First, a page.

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In powershell i am writing a script using 'if' condition to check a folder for files received in last 2 hours. The code works fine and the output is written to the screen, instead i want it to write to a file which can be emailed. Request for kind help. Regards Abhijeet

EDIT: Code

$f = 'D:\usr\for_check' 
$files = ls $f 
Foreach ($file in $files) 
{ 
    $createtime = $file.CreationTime 
    $nowtime = get-date 
    if (($nowtime - $createtime).totalhours -le 2) 
    {
        "$file"
    } 
}
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4 Answers 4

up vote 1 down vote accepted

Your code is way too complicated. Something like this would be more PoSh:

$src = "D:\usr\for_check"
$out = "C:\output.txt"

$append = $false

Get-ChildItem $src | ? {
  $_.CreationTime -ge (Get-Date).AddHours(-2)
} | % { $_.Name } | Out-File $out -Append:$append
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@ Ansgar the output.txt returns the ps file name which is check_last2_hrs1.ps1...instead of desired file name that were created in last 2 hours –  Abhijeet Bhujbbal Mar 28 '13 at 12:24
    
I just made some adjustments to the code and checked again, and it does produce the names of the files that were created in the last 2 hours in the directory $src. If you get different results: show the code you're using now. –  Ansgar Wiechers Mar 28 '13 at 12:33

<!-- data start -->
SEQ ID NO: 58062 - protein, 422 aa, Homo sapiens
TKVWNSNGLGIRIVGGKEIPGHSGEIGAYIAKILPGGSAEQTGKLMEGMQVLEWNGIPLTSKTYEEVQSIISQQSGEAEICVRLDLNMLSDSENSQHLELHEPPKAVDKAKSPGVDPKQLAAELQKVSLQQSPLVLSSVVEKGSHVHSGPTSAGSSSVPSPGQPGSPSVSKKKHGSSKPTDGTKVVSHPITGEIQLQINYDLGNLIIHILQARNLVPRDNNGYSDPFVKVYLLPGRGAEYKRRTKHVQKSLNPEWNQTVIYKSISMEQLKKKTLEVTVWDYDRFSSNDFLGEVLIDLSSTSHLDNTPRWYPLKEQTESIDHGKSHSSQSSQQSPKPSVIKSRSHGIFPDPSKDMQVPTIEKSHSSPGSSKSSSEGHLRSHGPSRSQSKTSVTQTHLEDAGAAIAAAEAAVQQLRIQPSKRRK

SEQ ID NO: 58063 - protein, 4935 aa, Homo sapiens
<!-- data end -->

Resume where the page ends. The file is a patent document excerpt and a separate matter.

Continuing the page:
my mistake i saved and ran the script from the folder which was to be searched....the script file was modified in last 2 hours thats the reason it was showing the script file name..realized and corrected it..Thnks a lot for kind support.. –  Abhijeet Bhujbbal Mar 28 '13 at 12:45
    
I suspected that might be the case. DAMHIKT. –  mjolinor Mar 28 '13 at 12:48

You can either use the redirection operator > or Out-File

Examples:

"abc" > c:\out.txt

"abc" | Out-File c:\out.txt
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@RB.thanks but the > and out-file does not give any output –  Abhijeet Bhujbbal Mar 28 '13 at 11:15
    
The code $f = 'D:\usr\for_check' $files = ls $f Foreach ($file in $files) { $createtime = $file.CreationTime $nowtime = get-date if (($nowtime - $createtime).totalhours -le 2) {"$file"} } Gives correct out put but on the screen..if i {"$file" | out-file d:\usr\aaa.out} this gives partial out put compared to that on screen –  Abhijeet Bhujbbal Mar 28 '13 at 11:22

You will want to use the >> operator instead of > or out-file operators as they will overwrite the file every time it's used. Whereas the >> operator will write to the file on the next line.

Example:

$file >> c:\out.txt

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>> is equivalent to | Out-File -Append. –  Ansgar Wiechers Mar 28 '13 at 12:06
    
+1. Did not know about >> in Powershell. –  Neolisk Mar 28 '13 at 12:28

Writing each line to the file inside the loop can cause a lot of disk I/O. You can wrap the loop in a script block, and then output all the lines to the file in one write operation.

$f = 'D:\usr\for_check' 
$files = ls $f 
&{Foreach ($file in $files) 
  { 
    $createtime = $file.CreationTime 
    $nowtime = get-date 
    if (($nowtime - $createtime).totalhours -le 2) 
    {
        "$file"
    } 
  }
 } | set-content c:\outfile.tx
share|improve this answer
    
@ mjolinor I tried the code you gave but the 'outfile.txt' contains this line check_last2_hrs1.ps1 –  Abhijeet Bhujbbal Mar 28 '13 at 12:23
    
Is that one of the files in the directory? –  mjolinor Mar 28 '13 at 12:36
    
@ mjolinor found the reason..had saved and ran the script file from the target folder and this was only the file modified in last 2 hours hence was showing the file name..thnks for the kind help though.. :) –  Abhijeet Bhujbbal Mar 28 '13 at 12:46

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